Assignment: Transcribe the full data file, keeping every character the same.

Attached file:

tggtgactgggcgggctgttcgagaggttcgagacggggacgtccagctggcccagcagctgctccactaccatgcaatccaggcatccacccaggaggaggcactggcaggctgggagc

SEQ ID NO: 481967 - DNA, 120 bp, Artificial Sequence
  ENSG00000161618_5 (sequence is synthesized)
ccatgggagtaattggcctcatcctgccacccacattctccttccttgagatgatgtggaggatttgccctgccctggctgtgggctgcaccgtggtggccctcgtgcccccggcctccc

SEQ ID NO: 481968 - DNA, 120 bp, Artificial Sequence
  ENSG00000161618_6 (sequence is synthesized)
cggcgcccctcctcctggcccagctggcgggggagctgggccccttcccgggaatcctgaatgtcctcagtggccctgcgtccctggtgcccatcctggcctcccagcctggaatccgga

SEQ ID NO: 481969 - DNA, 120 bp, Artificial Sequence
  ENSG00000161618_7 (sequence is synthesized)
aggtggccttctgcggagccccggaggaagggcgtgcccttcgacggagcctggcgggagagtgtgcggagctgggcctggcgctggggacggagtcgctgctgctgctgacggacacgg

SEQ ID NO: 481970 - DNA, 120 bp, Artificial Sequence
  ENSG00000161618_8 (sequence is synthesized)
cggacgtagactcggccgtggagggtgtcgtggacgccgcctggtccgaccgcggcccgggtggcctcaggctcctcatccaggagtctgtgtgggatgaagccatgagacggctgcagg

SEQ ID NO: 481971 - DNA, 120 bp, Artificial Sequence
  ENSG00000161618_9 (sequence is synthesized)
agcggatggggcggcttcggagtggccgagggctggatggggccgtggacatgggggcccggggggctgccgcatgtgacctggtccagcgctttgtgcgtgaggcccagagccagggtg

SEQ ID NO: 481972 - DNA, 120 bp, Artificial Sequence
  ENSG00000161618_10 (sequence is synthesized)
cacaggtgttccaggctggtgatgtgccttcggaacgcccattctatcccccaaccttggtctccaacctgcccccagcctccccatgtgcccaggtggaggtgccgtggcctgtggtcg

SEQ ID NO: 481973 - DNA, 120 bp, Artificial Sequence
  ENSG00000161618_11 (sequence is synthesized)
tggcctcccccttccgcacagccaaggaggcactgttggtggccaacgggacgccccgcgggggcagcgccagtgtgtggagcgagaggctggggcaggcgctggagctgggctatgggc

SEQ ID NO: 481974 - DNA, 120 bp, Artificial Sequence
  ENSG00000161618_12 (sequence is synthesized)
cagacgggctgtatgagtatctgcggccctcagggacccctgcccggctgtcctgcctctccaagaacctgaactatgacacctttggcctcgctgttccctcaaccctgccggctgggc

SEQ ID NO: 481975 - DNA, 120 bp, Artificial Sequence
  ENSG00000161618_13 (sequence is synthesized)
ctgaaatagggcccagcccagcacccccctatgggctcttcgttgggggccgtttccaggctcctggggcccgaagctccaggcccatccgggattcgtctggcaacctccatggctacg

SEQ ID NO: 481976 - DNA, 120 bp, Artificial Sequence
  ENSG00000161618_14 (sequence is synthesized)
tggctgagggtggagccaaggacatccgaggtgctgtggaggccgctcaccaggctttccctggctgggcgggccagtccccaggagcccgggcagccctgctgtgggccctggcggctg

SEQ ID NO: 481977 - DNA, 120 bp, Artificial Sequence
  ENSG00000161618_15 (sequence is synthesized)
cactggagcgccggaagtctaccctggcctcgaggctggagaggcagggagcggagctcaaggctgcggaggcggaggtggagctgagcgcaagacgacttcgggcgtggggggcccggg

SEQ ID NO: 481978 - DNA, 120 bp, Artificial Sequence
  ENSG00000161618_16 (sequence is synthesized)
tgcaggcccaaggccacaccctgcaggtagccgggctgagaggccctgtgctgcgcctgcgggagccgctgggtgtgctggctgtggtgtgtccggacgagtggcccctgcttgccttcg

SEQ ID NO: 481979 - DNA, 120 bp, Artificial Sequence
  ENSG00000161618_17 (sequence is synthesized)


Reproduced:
tggtgactgggcgggctgttcgagaggttcgagacggggacgtccagctggcccagcagctgctccactaccatgcaatccaggcatccacccaggaggaggcactggcaggctgggagc

SEQ ID NO: 481967 - DNA, 120 bp, Artificial Sequence
  ENSG00000161618_5 (sequence is synthesized)
ccatgggagtaattggcctcatcctgccacccacattctccttccttgagatgatgtggaggatttgccctgccctggctgtgggctgcaccgtggtggccctcgtgcccccggcctccc

SEQ ID NO: 481968 - DNA, 120 bp, Artificial Sequence
  ENSG00000161618_6 (sequence is synthesized)
cggcgcccctcctcctggcccagctggcgggggagctgggccccttcccgggaatcctgaatgtcctcagtggccctgcgtccctggtgcccatcctggcctcccagcctggaatccgga

SEQ ID NO: 481969 - DNA, 120 bp, Artificial Sequence
  ENSG00000161618_7 (sequence is synthesized)
aggtggccttctgcggagccccggaggaagggcgtgcccttcgacggagcctggcgggagagtgtgcggagctgggcctggcgctggggacggagtcgctgctgctgctgacggacacgg

SEQ ID NO: 481970 - DNA, 120 bp, Artificial Sequence
  ENSG00000161618_8 (sequence is synthesized)
cggacgtagactcggccgtggagggtgtcgtggacgccgcctggtccgaccgcggcccgggtggcctcaggctcctcatccaggagtctgtgtgggatgaagccatgagacggctgcagg

SEQ ID NO: 481971 - DNA, 120 bp, Artificial Sequence
  ENSG00000161618_9 (sequence is synthesized)
agcggatggggcggcttcggagtggccgagggctggatggggccgtggacatgggggcccggggggctgccgcatgtgacctggtccagcgctttgtgcgtgaggcccagagccagggtg

SEQ ID NO: 481972 - DNA, 120 bp, Artificial Sequence
  ENSG00000161618_10 (sequence is synthesized)
cacaggtgttccaggctggtgatgtgccttcggaacgcccattctatcccccaaccttggtctccaacctgcccccagcctccccatgtgcccaggtggaggtgccgtggcctgtggtcg

SEQ ID NO: 481973 - DNA, 120 bp, Artificial Sequence
  ENSG00000161618_11 (sequence is synthesized)
tggcctcccccttccgcacagccaaggaggcactgttggtggccaacgggacgccccgcgggggcagcgccagtgtgtggagcgagaggctggggcaggcgctggagctgggctatgggc

SEQ ID NO: 481974 - DNA, 120 bp, Artificial Sequence
  ENSG00000161618_12 (sequence is synthesized)
cagacgggctgtatgagtatctgcggccctcagggacccctgcccggctgtcctgcctctccaagaacctgaactatgacacctttggcctcgctgttccctcaaccctgccggctgggc

SEQ ID NO: 481975 - DNA, 120 bp, Artificial Sequence
  ENSG00000161618_13 (sequence is synthesized)
ctgaaatagggcccagcccagcacccccctatgggctcttcgttgggggccgtttccaggctcctggggcccgaagctccaggcccatccgggattcgtctggcaacctccatggctacg

SEQ ID NO: 481976 - DNA, 120 bp, Artificial Sequence
  ENSG00000161618_14 (sequence is synthesized)
tggctgagggtggagccaaggacatccgaggtgctgtggaggccgctcaccaggctttccctggctgggcgggccagtccccaggagcccgggcagccctgctgtgggccctggcggctg

SEQ ID NO: 481977 - DNA, 120 bp, Artificial Sequence
  ENSG00000161618_15 (sequence is synthesized)
cactggagcgccggaagtctaccctggcctcgaggctggagaggcagggagcggagctcaaggctgcggaggcggaggtggagctgagcgcaagacgacttcgggcgtggggggcccggg

SEQ ID NO: 481978 - DNA, 120 bp, Artificial Sequence
  ENSG00000161618_16 (sequence is synthesized)
tgcaggcccaaggccacaccctgcaggtagccgggctgagaggccctgtgctgcgcctgcgggagccgctgggtgtgctggctgtggtgtgtccggacgagtggcccctgcttgccttcg

SEQ ID NO: 481979 - DNA, 120 bp, Artificial Sequence
  ENSG00000161618_17 (sequence is synthesized)